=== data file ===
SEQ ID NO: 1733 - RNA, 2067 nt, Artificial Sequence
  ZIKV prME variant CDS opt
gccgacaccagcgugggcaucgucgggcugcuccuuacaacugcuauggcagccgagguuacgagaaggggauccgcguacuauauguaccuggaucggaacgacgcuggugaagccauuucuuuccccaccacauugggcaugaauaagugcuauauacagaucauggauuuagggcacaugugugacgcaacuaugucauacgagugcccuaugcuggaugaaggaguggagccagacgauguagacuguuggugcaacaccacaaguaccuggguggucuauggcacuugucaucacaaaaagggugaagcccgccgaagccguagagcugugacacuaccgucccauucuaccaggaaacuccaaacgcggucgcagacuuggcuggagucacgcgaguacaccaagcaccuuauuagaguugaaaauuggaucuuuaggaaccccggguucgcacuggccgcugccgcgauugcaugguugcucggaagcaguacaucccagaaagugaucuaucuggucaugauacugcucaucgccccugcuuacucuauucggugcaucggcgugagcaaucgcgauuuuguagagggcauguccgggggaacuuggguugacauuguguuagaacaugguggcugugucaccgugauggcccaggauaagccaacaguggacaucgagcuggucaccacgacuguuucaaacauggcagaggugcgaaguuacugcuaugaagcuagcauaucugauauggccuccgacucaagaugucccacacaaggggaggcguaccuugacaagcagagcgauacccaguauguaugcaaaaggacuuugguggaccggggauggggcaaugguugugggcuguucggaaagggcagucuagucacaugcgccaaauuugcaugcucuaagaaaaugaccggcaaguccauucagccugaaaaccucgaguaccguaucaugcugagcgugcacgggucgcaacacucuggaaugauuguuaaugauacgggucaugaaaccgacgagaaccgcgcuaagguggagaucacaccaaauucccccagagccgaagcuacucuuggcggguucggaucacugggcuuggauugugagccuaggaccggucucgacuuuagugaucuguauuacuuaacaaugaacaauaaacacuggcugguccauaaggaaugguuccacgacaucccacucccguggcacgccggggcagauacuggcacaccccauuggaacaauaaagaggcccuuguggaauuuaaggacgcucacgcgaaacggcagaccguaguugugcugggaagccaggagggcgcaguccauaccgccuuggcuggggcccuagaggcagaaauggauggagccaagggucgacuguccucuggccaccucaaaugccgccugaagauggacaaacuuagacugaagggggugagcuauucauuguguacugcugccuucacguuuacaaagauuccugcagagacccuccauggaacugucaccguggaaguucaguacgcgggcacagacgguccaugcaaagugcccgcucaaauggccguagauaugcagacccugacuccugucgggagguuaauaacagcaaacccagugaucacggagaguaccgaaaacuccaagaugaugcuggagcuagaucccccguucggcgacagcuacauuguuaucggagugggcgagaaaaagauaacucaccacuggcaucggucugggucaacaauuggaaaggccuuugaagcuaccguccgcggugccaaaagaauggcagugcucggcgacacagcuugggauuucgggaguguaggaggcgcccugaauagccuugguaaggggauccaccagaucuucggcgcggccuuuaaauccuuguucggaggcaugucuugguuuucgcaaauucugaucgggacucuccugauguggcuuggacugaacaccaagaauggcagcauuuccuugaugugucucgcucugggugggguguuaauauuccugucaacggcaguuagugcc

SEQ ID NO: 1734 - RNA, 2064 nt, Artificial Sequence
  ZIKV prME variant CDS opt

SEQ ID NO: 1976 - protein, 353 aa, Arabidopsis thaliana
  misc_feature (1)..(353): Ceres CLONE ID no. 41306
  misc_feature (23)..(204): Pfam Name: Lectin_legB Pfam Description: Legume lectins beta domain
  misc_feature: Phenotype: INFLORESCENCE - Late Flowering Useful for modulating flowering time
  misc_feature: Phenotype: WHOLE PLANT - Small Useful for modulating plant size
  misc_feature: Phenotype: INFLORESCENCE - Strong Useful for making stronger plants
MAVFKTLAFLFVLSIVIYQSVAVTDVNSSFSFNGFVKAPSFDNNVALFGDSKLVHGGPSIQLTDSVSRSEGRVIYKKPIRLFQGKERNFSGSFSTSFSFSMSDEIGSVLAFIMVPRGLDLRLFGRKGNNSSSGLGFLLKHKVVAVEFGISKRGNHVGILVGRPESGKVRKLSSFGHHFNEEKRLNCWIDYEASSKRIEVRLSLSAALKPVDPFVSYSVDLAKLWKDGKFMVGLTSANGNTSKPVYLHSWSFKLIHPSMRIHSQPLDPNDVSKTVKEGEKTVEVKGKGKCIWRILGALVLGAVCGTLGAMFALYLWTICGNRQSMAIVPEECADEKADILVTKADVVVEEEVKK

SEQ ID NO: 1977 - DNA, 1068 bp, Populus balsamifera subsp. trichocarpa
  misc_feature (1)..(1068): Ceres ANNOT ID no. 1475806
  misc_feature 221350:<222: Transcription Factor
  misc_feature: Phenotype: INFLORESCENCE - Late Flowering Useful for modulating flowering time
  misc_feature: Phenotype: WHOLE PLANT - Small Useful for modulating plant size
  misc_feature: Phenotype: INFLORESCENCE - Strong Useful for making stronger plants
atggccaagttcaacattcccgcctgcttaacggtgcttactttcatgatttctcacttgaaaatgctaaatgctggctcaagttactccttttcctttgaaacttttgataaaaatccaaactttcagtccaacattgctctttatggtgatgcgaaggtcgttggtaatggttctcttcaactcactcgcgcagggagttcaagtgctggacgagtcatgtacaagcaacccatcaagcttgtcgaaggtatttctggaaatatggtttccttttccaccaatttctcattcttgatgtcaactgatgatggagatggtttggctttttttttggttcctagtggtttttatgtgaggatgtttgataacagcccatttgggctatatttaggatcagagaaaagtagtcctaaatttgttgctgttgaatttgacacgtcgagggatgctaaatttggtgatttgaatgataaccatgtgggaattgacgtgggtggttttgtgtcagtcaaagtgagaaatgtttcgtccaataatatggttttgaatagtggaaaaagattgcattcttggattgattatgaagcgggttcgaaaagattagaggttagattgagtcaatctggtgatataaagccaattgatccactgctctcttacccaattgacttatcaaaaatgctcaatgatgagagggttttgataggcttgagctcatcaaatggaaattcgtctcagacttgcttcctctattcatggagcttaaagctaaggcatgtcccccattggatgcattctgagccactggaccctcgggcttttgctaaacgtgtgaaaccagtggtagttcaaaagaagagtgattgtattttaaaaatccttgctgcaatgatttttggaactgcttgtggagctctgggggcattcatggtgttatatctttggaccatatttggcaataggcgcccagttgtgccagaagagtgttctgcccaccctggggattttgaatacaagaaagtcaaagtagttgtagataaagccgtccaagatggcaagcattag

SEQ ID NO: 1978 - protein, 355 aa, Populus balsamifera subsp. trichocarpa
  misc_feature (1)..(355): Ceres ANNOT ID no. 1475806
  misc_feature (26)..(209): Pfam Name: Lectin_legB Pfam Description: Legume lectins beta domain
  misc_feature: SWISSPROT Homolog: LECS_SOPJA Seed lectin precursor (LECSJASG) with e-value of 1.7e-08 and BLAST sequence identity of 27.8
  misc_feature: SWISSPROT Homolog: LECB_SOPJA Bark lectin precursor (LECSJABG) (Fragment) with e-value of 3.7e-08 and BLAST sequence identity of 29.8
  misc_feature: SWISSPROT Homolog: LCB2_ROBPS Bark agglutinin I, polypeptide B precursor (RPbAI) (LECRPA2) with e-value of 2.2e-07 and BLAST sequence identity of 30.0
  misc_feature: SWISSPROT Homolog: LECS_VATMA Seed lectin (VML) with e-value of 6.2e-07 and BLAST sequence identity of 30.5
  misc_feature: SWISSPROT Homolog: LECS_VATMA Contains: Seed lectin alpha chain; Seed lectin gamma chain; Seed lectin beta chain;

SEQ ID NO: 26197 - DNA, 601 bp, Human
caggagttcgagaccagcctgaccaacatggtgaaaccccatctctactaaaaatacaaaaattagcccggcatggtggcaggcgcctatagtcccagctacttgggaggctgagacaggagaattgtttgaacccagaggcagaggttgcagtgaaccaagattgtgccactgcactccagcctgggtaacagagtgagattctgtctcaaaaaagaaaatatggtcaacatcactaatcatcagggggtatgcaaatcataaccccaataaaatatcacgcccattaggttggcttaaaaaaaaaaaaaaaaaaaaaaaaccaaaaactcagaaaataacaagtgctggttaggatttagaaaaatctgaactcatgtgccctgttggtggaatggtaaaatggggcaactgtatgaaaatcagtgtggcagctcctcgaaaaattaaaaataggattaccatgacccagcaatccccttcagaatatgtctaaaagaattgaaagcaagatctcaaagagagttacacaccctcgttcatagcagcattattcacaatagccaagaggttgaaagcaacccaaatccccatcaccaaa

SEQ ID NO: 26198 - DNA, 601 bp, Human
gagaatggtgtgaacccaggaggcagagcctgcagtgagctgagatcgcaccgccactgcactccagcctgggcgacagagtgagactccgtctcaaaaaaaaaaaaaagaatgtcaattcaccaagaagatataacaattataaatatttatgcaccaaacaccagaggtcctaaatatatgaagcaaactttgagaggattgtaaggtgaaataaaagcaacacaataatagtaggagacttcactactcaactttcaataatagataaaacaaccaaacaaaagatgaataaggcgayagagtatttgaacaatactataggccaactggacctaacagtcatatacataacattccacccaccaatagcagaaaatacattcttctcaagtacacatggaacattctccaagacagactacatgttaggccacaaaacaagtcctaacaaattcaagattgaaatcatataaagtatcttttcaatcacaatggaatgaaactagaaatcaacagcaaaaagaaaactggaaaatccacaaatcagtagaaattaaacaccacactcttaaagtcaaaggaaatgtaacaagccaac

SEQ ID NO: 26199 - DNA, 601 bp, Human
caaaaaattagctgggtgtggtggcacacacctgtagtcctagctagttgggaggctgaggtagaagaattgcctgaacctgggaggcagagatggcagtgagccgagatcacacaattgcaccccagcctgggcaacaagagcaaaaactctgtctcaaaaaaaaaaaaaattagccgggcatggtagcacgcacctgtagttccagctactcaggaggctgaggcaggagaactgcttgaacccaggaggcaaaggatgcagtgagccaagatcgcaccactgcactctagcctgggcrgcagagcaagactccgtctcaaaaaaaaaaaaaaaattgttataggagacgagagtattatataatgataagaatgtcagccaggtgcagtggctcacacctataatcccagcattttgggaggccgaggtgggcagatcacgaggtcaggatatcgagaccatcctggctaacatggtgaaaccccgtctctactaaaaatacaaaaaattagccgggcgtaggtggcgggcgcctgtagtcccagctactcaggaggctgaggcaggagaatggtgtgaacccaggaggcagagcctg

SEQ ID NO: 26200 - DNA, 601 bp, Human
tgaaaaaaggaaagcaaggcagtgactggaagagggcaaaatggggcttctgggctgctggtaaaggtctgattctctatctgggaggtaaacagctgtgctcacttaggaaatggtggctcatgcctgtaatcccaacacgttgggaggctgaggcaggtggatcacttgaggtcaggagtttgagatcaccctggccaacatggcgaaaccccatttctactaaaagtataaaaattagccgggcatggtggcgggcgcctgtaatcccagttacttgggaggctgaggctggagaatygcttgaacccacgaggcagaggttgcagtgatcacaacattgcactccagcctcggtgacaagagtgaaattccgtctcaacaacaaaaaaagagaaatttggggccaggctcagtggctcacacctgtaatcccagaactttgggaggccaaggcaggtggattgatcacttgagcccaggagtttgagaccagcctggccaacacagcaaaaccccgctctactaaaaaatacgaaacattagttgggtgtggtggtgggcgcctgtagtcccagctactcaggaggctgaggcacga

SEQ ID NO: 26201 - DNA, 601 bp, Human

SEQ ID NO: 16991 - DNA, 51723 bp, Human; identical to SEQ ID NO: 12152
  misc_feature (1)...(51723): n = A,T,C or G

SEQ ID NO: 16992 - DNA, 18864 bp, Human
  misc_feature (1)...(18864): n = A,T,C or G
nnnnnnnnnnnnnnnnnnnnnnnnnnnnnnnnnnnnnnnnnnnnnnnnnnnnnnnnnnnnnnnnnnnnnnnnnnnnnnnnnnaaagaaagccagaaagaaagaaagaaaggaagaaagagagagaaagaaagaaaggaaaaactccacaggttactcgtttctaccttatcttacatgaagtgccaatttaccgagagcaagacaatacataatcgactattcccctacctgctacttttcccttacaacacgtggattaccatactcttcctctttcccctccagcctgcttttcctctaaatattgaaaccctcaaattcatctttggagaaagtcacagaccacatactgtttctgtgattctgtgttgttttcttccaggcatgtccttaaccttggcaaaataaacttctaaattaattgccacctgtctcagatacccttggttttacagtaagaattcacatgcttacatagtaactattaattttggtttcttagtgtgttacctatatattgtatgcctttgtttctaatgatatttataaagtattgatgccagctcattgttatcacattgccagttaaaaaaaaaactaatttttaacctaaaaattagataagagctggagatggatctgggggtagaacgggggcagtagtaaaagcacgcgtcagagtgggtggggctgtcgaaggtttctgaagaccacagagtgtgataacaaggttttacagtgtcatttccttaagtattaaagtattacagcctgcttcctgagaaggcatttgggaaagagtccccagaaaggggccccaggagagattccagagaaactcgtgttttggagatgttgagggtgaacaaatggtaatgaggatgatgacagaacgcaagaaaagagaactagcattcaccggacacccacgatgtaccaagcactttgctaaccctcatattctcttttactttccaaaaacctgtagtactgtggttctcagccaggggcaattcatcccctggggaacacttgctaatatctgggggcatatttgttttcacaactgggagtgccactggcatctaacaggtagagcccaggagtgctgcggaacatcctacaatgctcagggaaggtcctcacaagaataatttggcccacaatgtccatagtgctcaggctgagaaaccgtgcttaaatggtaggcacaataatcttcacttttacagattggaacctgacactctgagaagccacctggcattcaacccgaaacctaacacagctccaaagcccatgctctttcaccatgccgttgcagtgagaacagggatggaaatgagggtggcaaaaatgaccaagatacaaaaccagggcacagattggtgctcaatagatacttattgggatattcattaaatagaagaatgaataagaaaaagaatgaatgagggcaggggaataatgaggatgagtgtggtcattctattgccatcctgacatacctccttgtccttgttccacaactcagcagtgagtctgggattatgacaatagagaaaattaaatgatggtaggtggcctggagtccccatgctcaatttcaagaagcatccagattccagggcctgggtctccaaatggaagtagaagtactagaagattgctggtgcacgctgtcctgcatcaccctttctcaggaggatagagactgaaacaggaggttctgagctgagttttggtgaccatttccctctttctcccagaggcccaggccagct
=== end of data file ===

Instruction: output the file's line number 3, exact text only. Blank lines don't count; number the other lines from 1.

gccgacaccagcgugggcaucgucgggcugcuccuuacaacugcuauggcagccgagguuacgagaaggggauccgcguacuauauguaccuggaucggaacgacgcuggugaagccauuucuuuccccaccacauugggcaugaauaagugcuauauacagaucauggauuuagggcacaugugugacgcaacuaugucauacgagugcccuaugcuggaugaaggaguggagccagacgauguagacuguuggugcaacaccacaaguaccuggguggucuauggcacuugucaucacaaaaagggugaagcccgccgaagccguagagcugugacacuaccgucccauucuaccaggaaacuccaaacgcggucgcagacuuggcuggagucacgcgaguacaccaagcaccuuauuagaguugaaaauuggaucuuuaggaaccccggguucgcacuggccgcugccgcgauugcaugguugcucggaagcaguacaucccagaaagugaucuaucuggucaugauacugcucaucgccccugcuuacucuauucggugcaucggcgugagcaaucgcgauuuuguagagggcauguccgggggaacuuggguugacauuguguuagaacaugguggcugugucaccgugauggcccaggauaagccaacaguggacaucgagcuggucaccacgacuguuucaaacauggcagaggugcgaaguuacugcuaugaagcuagcauaucugauauggccuccgacucaagaugucccacacaaggggaggcguaccuugacaagcagagcgauacccaguauguaugcaaaaggacuuugguggaccggggauggggcaaugguugugggcuguucggaaagggcagucuagucacaugcgccaaauuugcaugcucuaagaaaaugaccggcaaguccauucagccugaaaaccucgaguaccguaucaugcugagcgugcacgggucgcaacacucuggaaugauuguuaaugauacgggucaugaaaccgacgagaaccgcgcuaagguggagaucacaccaaauucccccagagccgaagcuacucuuggcggguucggaucacugggcuuggauugugagccuaggaccggucucgacuuuagugaucuguauuacuuaacaaugaacaauaaacacuggcugguccauaaggaaugguuccacgacaucccacucccguggcacgccggggcagauacuggcacaccccauuggaacaauaaagaggcccuuguggaauuuaaggacgcucacgcgaaacggcagaccguaguugugcugggaagccaggagggcgcaguccauaccgccuuggcuggggcccuagaggcagaaauggauggagccaagggucgacuguccucuggccaccucaaaugccgccugaagauggacaaacuuagacugaagggggugagcuauucauuguguacugcugccuucacguuuacaaagauuccugcagagacccuccauggaacugucaccguggaaguucaguacgcgggcacagacgguccaugcaaagugcccgcucaaauggccguagauaugcagacccugacuccugucgggagguuaauaacagcaaacccagugaucacggagaguaccgaaaacuccaagaugaugcuggagcuagaucccccguucggcgacagcuacauuguuaucggagugggcgagaaaaagauaacucaccacuggcaucggucugggucaacaauuggaaaggccuuugaagcuaccguccgcggugccaaaagaauggcagugcucggcgacacagcuugggauuucgggaguguaggaggcgcccugaauagccuugguaaggggauccaccagaucuucggcgcggccuuuaaauccuuguucggaggcaugucuugguuuucgcaaauucugaucgggacucuccugauguggcuuggacugaacaccaagaauggcagcauuuccuugaugugucucgcucugggugggguguuaauauuccugucaacggcaguuagugcc